Combined prebiotic and probiotic solutions – also known as synbiotics – can take formulations to the next level, according to Vicky Davies, global marketing director of performance and active nutrition at FrieslandCampina Ingredients (FCI).
“They work in a complementary way to potentially enhance effectiveness – and with awareness of the benefits of prebiotics on the rise, consumers are beginning to take note [of this synergy],” she tells NutritionInsight ahead of an upcoming webinar held in collaboration with Lallemand Health Solutions.
Notably, the gut health giants recently revealed a partnership for two gut health product concepts. Pro-Digest Health Shot and Pro-Digest Bowel Support marry FCI’s Biotis galactooligosaccharides (GOS) prebiotic ingredient with Lallemand’s probiotics to address the rising demand for scientifically backed solutions for gut health.
“There are still new directions to explore with the combination of prebiotics and probiotics, which allows brands to combine the best of both worlds to have a greater impact on health,” Davies explains.
Spotlight on pro and prebiotics
Probiotics have been an enduringly popular functional ingredient for some time now and Davies anticipates that this will stay consistent.
“It’s not surprising given their proven benefits and that 25% of global consumers suffer from digestive health complaints and almost half find products for improving gut health appealing.”
A knock-on effect of this is that there is also increased interest and awareness in prebiotics – the non-digestible fibers that feed these beneficial bacteria in the gut. According to a 2021 survey from Innova Market Insights, around a third of global consumers say they are very or extremely familiar with prebiotics.
“We expect prebiotics to grow further as there is a lot of exciting research underway in areas such as digestive health, immunity and specific areas of brain health, targeting areas like sleep, concentration or stress,” says Davies.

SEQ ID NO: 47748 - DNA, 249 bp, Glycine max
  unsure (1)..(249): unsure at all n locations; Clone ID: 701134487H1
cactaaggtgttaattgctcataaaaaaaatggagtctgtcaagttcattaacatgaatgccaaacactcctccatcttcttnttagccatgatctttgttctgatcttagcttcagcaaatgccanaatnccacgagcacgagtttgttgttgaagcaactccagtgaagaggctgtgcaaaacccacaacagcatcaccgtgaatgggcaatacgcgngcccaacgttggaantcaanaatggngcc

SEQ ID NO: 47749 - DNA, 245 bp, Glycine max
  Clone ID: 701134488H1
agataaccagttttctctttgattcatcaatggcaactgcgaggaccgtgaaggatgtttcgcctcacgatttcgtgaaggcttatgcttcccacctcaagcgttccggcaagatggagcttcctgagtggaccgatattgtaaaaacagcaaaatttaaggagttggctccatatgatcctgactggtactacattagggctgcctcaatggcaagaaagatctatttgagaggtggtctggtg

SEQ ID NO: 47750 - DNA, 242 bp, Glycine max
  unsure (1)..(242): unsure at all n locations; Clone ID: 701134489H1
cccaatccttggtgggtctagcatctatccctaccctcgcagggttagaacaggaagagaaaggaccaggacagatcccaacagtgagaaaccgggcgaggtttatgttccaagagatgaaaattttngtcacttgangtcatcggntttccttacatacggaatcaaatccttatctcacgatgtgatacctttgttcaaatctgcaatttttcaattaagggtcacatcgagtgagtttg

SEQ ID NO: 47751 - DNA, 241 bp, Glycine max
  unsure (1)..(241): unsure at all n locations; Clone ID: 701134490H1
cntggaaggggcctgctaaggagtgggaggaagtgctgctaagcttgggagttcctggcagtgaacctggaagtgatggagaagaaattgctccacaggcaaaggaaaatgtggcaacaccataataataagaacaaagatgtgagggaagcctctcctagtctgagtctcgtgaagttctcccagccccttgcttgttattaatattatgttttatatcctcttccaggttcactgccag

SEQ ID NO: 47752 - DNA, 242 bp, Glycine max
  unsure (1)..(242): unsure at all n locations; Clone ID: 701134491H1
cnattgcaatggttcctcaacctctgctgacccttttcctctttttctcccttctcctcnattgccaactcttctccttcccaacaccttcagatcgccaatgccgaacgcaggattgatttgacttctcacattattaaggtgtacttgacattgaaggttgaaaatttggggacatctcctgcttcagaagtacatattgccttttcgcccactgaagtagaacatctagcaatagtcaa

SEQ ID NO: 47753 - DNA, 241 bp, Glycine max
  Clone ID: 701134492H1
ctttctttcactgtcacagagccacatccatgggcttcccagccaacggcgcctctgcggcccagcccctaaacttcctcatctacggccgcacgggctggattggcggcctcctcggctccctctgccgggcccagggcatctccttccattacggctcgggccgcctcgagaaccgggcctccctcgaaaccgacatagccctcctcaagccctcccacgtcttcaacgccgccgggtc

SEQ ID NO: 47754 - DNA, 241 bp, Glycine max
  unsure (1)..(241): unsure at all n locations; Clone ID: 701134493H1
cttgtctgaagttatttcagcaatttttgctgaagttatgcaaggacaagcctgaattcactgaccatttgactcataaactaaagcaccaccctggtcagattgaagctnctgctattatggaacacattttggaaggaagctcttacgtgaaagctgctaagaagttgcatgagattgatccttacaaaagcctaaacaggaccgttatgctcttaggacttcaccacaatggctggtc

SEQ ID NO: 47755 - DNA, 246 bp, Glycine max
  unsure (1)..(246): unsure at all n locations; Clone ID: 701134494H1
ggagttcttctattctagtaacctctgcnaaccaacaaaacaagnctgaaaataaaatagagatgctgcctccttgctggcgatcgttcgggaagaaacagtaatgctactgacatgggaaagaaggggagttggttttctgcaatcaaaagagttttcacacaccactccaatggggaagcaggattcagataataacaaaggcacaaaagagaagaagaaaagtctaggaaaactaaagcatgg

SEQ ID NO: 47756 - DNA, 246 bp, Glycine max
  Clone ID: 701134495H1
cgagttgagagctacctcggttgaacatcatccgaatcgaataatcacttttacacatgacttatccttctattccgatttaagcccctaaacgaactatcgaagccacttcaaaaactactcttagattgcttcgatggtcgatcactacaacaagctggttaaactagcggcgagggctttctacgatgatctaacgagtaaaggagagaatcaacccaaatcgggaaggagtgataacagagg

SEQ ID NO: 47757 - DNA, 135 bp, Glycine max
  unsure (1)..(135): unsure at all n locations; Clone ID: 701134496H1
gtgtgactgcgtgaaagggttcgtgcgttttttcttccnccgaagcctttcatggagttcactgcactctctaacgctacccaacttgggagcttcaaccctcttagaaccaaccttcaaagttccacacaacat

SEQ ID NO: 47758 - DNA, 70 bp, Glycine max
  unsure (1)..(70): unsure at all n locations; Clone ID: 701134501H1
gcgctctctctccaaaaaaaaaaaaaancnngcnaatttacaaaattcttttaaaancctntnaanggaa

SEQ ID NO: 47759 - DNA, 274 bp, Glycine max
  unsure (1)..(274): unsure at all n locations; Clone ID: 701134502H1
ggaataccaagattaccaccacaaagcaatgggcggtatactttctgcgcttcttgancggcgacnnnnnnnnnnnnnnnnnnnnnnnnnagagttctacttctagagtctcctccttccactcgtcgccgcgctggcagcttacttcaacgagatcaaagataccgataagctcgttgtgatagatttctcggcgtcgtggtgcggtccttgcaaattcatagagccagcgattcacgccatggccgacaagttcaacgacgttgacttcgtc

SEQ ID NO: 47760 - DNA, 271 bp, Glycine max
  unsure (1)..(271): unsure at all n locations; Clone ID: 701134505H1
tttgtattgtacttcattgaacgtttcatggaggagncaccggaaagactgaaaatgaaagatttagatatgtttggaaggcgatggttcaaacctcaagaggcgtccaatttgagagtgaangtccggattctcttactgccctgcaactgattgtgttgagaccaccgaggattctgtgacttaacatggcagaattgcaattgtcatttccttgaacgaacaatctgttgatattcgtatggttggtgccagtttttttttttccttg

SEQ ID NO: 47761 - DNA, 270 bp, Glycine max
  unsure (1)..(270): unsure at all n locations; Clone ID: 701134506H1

Shifting attitudes toward digestion
According to Davies, consumer satisfaction with digestive health is on the decline. This coincides with the prevalence of digestive health problems becoming more common across the globe.
“Over 40% of global consumers say digestive complaints have had some influence on their lives. This regular disruption in people’s routines is pushing many to take proactive measures. Consumers are taking diet and lifestyle interventions to address their digestive health over visiting doctors and hospitals,” says Davies.
Another impact is that digestive health is hitting the mainstream public health consciousness, she continues.
“Fortunately, a combination of improved scientific understanding and the once-taboo topic now being open for discussion has provided the first steps to alleviating digestive problems for hundreds of millions of people worldwide.”
Consumer demands for healthy products have also evolved. While historically, they may have sought out a reduction in things considered “bad” – sugar, fat and artificial additives, for instance – now they are increasingly looking for additions that give them a supplementary health benefit.
It is here that dietary supplements and fortified food and beverages can play an important role, flags Davies.
“Additionally, today’s consumers don’t want to compromise on taste and texture – products must be functional, effective, convenient and taste good. The challenge for manufacturers is formulating products that respond to each of these needs and can deliver on consumers’ increased interest in their health.”
At the same time, it’s increasingly important for gut health solutions to be scientifically backed and clinically proven, she underscores.
What’s coming next?
Looking ahead, Davies expects that more research will come to light about the gut-brain axis and the role a healthy gut microbiome plays in facilitating not only digestive health but also mental well-being, immunity and muscular health.
“As well as interest into the mechanisms of cognitive function and immunity via the gut, emerging areas like the gut-muscle axis are of increasing interest and may well be a key area for research and development in the near future.”
Davies concludes that bringing positive findings of these areas together will be a key part of responding to the growing consumer interest in a holistic approach to health.
On October 26, Davies will be joined by other FCI and Lallemand experts to discuss new concepts for adult gut health that combine prebiotics and probiotics. Webinar registration is currently open here.
By Katherine Durrell
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